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In re Zachary N.

State of New York Supreme Court, Appellate Division Third Judicial Department


October 21, 2010

IN THE MATTER OF ZACHARY N., AN INFANT.
PAUL N. ET AL., RESPONDENTS;
v.
HOPE N., APPELLANT.

The opinion of the court was delivered by: Garry, J.

MEMORANDUM AND ORDER

Calendar Date: September 7, 2010

Before: Cardona, P.J., Mercure, Spain, Lahtinen and Garry, JJ.

Appeal from an order of the Family Court of Montgomery County (Cortese, J.), entered June 23, 2008, which, among other things, granted petitioners' application, in a proceeding pursuant to Domestic Relations Law article 7, to determine that the consent of respondent was not required for the adoption of Zachary N.

Respondent (hereinafter the mother) is the biological mother of one child, who was born in 1997. The child has lived with petitioners, his paternal grandparents, since 1999 pursuant to an order that granted primary physical custody to petitioners and joint custody to petitioners and the mother. In September 2007, petitioners applied pursuant to Domestic Relations Law § 115 (1) (b) for an order waiving the preadoption certification requirements of Domestic Relations Law § 115-d. The mother opposed the application and commenced modification and violation proceedings. In January 2008, petitioners filed a second waiver application and commenced an adoption proceeding pursuant to Domestic Relations Law article 7. The mother filed an answer objecting to the adoption and alleging interference. After a hearing, Family Court found that the mother had abandoned the child, that her consent to the adoption was not required, and that petitioners had shown good cause to waive the preadoption certification requirement.*fn1 The mother appeals.

To establish that the mother's consent to the adoption was not required, it was petitioners' burden to show by clear and convincing evidence that the mother had demonstrated an intent to forgo her parental or custodial rights and obligations, as revealed by her failure to visit or communicate with the child or the legal custodian for a six-month period, despite being able to do so (see Domestic Relations Law § 111 [2] [a]; Matter of Nathon O., 55 AD3d 995, 996 [2008], lv denied 11 NY3d 714 [2008]). Upon this application, the parent is presumed to have the ability to visit and communicate with the child (see Domestic Relations Law § 111 [6] [a]; Matter of Kira OO., 45 AD3d 933, 935 [2007]). Petitioners met their burden by testifying that the mother had never provided financial support for the child, had not telephoned him since May 2000, had not visited him since December 2001, and had not sent cards or gifts or contacted him at any time thereafter.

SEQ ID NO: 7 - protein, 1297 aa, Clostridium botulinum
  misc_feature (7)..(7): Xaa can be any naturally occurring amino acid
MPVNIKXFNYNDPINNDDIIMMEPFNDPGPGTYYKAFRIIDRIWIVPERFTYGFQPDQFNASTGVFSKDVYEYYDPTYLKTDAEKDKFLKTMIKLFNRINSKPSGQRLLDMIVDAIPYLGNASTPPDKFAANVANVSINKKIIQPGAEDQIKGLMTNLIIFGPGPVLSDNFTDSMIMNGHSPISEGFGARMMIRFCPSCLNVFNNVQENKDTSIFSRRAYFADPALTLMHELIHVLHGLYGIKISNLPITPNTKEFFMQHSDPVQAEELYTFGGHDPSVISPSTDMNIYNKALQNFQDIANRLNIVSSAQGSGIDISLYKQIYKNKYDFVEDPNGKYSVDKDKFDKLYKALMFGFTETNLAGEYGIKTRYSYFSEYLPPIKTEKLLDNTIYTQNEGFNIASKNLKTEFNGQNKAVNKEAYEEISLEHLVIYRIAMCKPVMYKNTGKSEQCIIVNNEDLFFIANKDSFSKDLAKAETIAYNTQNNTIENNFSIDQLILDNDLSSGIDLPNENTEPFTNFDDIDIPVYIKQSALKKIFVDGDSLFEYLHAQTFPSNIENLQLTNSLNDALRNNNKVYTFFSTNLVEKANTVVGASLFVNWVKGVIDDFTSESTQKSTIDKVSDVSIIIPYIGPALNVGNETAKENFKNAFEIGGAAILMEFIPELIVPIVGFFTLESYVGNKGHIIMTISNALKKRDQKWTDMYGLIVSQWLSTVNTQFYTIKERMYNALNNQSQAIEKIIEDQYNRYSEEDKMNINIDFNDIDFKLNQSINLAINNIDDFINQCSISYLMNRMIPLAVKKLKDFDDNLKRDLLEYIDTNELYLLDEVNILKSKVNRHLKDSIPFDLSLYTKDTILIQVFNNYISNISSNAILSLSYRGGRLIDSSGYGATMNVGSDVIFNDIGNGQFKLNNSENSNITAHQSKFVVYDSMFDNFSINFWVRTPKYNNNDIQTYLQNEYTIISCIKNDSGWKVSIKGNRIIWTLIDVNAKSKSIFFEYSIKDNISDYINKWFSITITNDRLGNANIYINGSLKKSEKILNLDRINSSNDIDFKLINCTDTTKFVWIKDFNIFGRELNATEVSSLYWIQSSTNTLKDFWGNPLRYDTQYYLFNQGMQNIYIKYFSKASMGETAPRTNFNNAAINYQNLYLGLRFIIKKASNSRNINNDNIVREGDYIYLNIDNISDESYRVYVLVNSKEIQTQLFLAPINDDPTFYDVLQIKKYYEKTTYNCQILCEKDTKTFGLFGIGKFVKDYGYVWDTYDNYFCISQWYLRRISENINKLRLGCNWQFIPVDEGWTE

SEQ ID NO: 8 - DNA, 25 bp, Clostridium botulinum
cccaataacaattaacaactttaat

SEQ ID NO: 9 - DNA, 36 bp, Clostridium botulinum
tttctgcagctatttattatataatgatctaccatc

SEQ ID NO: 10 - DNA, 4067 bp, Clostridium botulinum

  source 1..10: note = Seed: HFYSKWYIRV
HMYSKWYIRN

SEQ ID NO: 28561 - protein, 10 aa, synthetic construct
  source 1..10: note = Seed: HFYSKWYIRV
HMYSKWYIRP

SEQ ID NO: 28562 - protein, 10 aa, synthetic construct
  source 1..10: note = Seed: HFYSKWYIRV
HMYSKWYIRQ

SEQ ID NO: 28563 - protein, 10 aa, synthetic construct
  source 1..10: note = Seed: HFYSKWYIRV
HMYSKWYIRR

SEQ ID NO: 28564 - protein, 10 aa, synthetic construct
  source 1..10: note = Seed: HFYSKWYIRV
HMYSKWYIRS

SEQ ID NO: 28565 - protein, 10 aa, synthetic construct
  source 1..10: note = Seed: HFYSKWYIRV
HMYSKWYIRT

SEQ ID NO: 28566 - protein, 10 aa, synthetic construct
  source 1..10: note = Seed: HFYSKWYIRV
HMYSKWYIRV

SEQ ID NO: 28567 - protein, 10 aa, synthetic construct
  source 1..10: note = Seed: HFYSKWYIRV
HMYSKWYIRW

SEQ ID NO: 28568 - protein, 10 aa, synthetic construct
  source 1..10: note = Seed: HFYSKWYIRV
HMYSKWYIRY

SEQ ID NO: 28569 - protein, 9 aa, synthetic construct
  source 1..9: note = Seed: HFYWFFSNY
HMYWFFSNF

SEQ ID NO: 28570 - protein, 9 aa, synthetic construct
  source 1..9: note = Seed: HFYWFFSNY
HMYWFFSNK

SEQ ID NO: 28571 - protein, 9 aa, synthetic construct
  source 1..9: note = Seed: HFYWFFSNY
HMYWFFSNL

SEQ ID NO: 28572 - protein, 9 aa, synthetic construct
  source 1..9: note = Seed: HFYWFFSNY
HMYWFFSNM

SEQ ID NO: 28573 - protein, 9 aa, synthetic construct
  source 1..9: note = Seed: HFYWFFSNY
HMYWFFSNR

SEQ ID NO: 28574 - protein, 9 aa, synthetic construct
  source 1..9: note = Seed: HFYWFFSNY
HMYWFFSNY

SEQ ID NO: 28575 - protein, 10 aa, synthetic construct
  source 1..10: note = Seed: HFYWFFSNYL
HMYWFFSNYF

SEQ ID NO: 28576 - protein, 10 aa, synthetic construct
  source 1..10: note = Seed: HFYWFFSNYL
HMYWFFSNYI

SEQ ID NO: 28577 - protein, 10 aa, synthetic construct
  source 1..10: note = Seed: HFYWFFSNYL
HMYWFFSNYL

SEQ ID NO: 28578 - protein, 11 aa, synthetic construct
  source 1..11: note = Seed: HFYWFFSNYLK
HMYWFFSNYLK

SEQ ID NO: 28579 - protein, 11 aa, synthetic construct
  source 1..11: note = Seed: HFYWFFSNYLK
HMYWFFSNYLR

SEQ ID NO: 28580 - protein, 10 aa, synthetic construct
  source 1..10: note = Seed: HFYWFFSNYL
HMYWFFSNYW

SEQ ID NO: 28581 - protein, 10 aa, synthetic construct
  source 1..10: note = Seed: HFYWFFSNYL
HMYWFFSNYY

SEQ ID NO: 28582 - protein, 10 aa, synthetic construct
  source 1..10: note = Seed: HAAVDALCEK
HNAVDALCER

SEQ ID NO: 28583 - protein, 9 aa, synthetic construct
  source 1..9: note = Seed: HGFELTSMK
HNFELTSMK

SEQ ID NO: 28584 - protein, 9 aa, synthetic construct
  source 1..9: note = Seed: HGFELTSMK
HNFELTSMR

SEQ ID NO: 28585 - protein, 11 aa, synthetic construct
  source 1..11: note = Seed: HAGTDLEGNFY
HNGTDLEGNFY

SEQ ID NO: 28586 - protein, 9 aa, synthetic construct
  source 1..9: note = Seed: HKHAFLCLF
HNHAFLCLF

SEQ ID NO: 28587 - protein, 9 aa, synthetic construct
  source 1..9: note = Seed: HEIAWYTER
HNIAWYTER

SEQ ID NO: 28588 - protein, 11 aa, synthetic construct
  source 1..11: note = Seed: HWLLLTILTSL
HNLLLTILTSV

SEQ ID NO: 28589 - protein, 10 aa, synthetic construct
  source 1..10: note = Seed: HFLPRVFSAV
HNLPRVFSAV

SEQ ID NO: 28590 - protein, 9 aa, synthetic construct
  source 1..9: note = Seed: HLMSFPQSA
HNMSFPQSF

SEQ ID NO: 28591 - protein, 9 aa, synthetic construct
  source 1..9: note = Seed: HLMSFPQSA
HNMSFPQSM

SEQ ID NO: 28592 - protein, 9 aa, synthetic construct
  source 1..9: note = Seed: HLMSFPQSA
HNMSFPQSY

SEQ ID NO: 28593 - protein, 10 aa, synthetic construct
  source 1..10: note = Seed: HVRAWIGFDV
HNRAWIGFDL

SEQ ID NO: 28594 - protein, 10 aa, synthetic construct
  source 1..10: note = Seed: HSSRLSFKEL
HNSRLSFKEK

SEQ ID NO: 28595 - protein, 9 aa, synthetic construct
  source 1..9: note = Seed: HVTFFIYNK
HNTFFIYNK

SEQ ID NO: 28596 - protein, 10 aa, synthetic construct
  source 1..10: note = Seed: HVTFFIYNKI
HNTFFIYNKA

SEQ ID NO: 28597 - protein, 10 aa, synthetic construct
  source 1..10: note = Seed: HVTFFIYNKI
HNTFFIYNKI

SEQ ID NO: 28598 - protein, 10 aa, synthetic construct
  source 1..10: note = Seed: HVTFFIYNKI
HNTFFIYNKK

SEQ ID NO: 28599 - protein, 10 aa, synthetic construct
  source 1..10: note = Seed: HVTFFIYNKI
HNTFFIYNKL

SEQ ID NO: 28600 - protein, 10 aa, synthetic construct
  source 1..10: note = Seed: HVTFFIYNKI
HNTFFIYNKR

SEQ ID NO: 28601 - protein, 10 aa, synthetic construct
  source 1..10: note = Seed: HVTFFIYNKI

The burden thus shifted to the mother "to demonstrate sufficient contact or an inability to engage in such contact" (Matter of Morgaine JJ., 31 AD3d 931, 932 [2006]). The mother conceded that she had no contact with the child for a period of almost seven years, but claimed that petitioner Erika N. (hereinafter the grandmother) had hindered the relationship by restricting her visitation and later refusing her requests for visits. The mother testified that she had tried to arrange visits with the child by telephoning petitioners, but her calls were not returned. She stated that she could not communicate with the child by mail because she did not know petitioners' mailing address, and that although she knew their street address, no one was at home when she attempted to deliver gifts. She testified that the grandmother refused her offers to provide financial support, and the child's father had warned her in 2003 that she would go to jail if she continued to telephone petitioners. The grandmother testified, however, that the mother never offered to provide financial support for the child, petitioners received no telephone calls or messages from her after 2001, and the grandmother had never refused to allow visits. The grandmother further testified that she had provided the mother with her mailing address; a mailing address listed by the mother for petitioners on a 1999 custody modification petition was correct and unchanged.

We accord deference to Family Court's determination that petitioners' testimony was credible and the mother's testimony was not (see id. at 932-933). As the court noted, the mother was aware of her ability to file petitions in Family Court for the purpose of protecting her relationship with the child, but did not do so at any time between 1999 and 2007. The proceedings she commenced after petitioners filed their initial application for waiver "appear[] to be 'nothing more than an effort to block the adoption'" (Matter of Kira OO., 45 AD3d at 935, quoting Matter of Sergio LL., 269 AD2d 699, 701 [2000]), at most a "flicker of interest" insufficient to preclude a finding of abandonment (Matter of Kira OO., 45 AD3d at 935 [internal quotation marks and citations omitted]; see Matter of Amy SS, 64 NY2d 788, 790 [1985]).*fn2

The mother's speculative contention that the attorney for the child improperly failed to address the child's preferences is not pertinent even if it were supported by the record, as the issue of abandonment relates solely to parental conduct. While the child's best interests are ultimately essential to approval of the adoption, they are not pertinent to this threshold inquiry (see Matter of Corey L v Martin L, 45 NY2d 383, 391 [1978]).*fn3 Family Court correctly found that the mother evinced the requisite intent to forgo her parental rights and obligations for a period including the requisite six months and, indeed, exceeding six years, and that her consent to the adoption was therefore not required.

Cardona, P.J., Mercure, Spain and Lahtinen, JJ., concur.

ORDERED that the order is affirmed, without costs.


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